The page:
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Research Article: Systematic Review and Meta-Analysis

Effect of ω-3 polyunsaturated fatty acid-supplemented parenteral nutrition on inflammatory and immune function in postoperative patients with gastrointestinal malignancy

A meta-analysis of randomized control trials in China

Zhao, Yajie MD; Wang, Chengfeng MD*

Editor(s): Wang., Yong

Author Information
doi: 10.1097/MD.0000000000010472
  • Open

Abstract

1 Introduction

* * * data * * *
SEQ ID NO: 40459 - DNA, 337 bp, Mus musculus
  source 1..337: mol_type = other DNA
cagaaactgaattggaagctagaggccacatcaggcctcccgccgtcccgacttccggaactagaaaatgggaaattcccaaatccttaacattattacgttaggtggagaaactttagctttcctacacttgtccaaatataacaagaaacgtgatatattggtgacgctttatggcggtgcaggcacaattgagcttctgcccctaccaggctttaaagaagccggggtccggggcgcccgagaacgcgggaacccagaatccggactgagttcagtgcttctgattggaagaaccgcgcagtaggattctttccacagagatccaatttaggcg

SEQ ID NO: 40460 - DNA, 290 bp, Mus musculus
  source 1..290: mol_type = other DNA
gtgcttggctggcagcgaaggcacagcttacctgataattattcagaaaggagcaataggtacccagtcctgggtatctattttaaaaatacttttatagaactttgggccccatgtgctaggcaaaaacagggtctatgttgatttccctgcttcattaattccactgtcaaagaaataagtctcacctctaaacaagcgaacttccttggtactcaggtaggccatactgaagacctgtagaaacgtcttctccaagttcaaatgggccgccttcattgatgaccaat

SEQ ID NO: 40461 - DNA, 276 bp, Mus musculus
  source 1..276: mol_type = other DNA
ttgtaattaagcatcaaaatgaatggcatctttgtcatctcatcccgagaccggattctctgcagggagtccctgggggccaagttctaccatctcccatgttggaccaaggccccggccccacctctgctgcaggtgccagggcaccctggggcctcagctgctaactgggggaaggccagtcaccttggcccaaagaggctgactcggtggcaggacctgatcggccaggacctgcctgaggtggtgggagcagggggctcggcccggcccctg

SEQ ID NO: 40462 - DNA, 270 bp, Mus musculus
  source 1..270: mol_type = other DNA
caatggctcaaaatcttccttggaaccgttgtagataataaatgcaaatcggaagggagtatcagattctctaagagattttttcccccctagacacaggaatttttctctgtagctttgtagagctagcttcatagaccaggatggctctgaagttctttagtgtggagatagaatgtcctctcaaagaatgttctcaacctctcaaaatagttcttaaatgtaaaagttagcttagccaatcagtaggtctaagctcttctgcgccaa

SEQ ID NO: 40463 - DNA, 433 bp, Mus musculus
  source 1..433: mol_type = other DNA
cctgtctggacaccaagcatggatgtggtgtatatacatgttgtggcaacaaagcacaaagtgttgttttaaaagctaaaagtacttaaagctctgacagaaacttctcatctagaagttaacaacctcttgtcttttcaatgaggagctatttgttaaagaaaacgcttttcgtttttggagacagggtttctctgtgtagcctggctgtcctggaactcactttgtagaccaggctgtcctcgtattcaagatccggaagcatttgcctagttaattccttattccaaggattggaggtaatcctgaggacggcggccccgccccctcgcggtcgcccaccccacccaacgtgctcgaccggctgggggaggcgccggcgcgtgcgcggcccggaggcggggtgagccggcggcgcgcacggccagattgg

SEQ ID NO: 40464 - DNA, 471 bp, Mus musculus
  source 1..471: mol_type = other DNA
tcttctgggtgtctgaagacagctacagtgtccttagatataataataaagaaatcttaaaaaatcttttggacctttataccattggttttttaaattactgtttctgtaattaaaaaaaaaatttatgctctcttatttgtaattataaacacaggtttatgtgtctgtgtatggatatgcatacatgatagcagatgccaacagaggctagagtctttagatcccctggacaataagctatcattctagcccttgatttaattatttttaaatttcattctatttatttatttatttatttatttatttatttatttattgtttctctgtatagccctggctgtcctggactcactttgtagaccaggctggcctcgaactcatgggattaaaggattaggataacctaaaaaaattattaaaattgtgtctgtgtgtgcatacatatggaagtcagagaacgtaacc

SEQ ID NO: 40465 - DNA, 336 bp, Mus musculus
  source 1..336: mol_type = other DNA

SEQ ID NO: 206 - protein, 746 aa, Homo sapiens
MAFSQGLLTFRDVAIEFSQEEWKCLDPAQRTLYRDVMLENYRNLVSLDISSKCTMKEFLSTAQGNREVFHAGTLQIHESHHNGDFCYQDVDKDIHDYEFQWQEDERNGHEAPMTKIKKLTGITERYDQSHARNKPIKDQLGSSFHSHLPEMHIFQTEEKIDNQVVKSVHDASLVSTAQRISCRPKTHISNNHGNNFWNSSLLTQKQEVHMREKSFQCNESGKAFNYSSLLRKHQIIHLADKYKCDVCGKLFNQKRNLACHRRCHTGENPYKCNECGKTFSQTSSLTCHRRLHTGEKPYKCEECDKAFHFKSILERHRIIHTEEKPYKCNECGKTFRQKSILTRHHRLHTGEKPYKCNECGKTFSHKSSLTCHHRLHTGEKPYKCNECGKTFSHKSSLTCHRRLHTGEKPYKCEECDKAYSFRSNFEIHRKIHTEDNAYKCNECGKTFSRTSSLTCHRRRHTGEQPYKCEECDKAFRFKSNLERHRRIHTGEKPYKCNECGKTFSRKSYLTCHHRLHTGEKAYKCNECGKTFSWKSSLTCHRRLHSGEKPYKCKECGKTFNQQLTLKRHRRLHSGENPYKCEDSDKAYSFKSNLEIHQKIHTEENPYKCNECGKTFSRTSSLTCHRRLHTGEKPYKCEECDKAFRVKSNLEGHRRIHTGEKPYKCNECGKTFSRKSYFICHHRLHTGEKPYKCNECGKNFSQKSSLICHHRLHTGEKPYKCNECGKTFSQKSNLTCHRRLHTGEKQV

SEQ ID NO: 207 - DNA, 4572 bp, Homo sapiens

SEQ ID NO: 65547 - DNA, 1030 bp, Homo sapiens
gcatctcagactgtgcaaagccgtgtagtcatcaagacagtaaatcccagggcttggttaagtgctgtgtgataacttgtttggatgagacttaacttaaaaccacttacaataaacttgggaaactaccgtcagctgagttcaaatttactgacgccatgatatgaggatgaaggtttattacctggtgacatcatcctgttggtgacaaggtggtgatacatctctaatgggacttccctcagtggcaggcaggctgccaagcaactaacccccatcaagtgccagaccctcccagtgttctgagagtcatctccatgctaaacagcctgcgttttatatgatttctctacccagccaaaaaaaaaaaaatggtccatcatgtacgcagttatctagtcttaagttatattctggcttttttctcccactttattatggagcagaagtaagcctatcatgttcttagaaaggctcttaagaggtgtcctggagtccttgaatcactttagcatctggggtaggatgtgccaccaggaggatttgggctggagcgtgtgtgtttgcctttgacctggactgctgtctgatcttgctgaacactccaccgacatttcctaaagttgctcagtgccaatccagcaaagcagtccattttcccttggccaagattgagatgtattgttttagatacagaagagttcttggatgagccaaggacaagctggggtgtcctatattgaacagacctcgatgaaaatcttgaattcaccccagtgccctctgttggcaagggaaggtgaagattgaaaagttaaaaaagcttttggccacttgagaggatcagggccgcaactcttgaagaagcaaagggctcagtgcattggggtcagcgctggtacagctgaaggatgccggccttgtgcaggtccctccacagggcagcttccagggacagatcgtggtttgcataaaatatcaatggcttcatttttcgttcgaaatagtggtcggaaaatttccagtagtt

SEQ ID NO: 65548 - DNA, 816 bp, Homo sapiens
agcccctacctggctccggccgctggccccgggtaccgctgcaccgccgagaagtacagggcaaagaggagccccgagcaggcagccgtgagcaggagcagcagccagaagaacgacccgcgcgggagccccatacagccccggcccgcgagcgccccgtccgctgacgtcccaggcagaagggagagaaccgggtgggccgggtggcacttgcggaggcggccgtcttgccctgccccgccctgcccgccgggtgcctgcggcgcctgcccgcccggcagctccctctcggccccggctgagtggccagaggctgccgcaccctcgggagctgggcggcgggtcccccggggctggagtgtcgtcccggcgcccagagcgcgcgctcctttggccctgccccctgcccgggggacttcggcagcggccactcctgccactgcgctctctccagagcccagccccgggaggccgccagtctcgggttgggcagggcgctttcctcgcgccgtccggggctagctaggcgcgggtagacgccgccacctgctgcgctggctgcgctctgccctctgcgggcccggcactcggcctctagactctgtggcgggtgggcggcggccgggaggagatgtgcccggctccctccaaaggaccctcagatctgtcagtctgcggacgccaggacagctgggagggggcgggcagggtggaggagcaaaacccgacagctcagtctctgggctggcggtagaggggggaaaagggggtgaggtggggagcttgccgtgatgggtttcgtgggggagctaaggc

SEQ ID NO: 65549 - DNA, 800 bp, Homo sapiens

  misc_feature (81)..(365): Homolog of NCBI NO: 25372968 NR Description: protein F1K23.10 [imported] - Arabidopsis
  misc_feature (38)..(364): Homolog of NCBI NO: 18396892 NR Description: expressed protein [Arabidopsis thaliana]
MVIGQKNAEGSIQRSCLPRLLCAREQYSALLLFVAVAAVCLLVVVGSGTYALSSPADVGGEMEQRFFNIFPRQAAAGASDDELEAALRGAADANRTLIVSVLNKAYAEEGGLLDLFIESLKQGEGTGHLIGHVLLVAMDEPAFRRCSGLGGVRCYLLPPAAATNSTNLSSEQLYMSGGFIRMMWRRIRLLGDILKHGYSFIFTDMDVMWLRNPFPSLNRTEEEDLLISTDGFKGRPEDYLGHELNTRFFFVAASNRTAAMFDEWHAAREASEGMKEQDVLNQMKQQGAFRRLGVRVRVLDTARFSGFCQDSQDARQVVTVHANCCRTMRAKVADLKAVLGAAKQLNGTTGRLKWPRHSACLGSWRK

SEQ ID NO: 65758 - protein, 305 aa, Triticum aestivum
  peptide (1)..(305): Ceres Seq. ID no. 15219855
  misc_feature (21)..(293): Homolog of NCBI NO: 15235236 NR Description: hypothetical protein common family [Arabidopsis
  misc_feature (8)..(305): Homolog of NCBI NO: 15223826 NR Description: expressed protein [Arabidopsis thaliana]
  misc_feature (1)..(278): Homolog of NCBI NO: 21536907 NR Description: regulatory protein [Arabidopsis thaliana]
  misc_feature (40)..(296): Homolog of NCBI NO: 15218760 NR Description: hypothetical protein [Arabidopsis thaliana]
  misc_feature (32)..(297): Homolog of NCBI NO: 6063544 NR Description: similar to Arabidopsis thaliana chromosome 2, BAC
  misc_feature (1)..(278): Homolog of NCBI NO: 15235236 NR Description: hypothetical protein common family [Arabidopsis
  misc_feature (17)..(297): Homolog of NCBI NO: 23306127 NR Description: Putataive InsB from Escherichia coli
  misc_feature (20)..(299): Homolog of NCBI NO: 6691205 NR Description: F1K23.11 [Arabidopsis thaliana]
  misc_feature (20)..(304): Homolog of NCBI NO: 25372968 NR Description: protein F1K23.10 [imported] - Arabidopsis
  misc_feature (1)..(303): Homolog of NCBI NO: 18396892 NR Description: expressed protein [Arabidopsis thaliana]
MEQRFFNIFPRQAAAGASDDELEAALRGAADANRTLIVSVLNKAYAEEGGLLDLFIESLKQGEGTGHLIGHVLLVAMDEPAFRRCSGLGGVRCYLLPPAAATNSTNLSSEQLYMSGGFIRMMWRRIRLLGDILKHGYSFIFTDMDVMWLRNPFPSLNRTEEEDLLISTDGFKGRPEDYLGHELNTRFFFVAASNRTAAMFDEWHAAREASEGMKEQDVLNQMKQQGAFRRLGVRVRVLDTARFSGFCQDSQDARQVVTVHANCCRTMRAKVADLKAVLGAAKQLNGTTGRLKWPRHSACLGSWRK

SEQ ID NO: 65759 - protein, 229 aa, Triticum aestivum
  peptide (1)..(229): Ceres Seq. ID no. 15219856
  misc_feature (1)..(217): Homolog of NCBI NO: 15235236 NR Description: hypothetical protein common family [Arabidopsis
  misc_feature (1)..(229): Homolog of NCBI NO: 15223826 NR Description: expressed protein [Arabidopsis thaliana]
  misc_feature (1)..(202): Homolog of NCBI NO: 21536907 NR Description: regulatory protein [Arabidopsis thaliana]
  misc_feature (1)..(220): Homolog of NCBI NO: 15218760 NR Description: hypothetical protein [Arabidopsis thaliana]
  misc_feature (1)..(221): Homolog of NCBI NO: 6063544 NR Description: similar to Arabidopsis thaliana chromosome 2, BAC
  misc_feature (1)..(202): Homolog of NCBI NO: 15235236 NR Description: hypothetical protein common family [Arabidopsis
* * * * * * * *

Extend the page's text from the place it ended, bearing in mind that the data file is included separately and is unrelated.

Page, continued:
Fat emulsions are important dietary supplements in parenteral nutrition (PN) that can provide essential fatty acids and energy and maintain cell structure and human adipose tissue. Essential fatty acids for the human body are the omega-6 group linoleic acid and omega-3 group alpha linolenic acid, which are both polyunsaturated fatty acids (PUFA). PUFA can be divided into 4 families—omega-3, omega-6, omega-7, and omega-9. Among them, the omega-3 family mainly includes alpha linolenic acid, 20 carbon five acid (EPA), and 22 carbon six acid (DHA). Omega-3 fish oil fatty milk is extracted from deep sea fish oil, the main components of which are EPA and DHA. In recent years, studies have shown that omega-3 PUFA can increase the stability of the omega cell membrane, regulate immune function, block excessive inflammatory reaction,[1] reduce the occurrence of systemic inflammatory response syndrome (SIRS) and multiple organ dysfunction syndrome (MODS) and infectious complications, and inhibit tumor growth.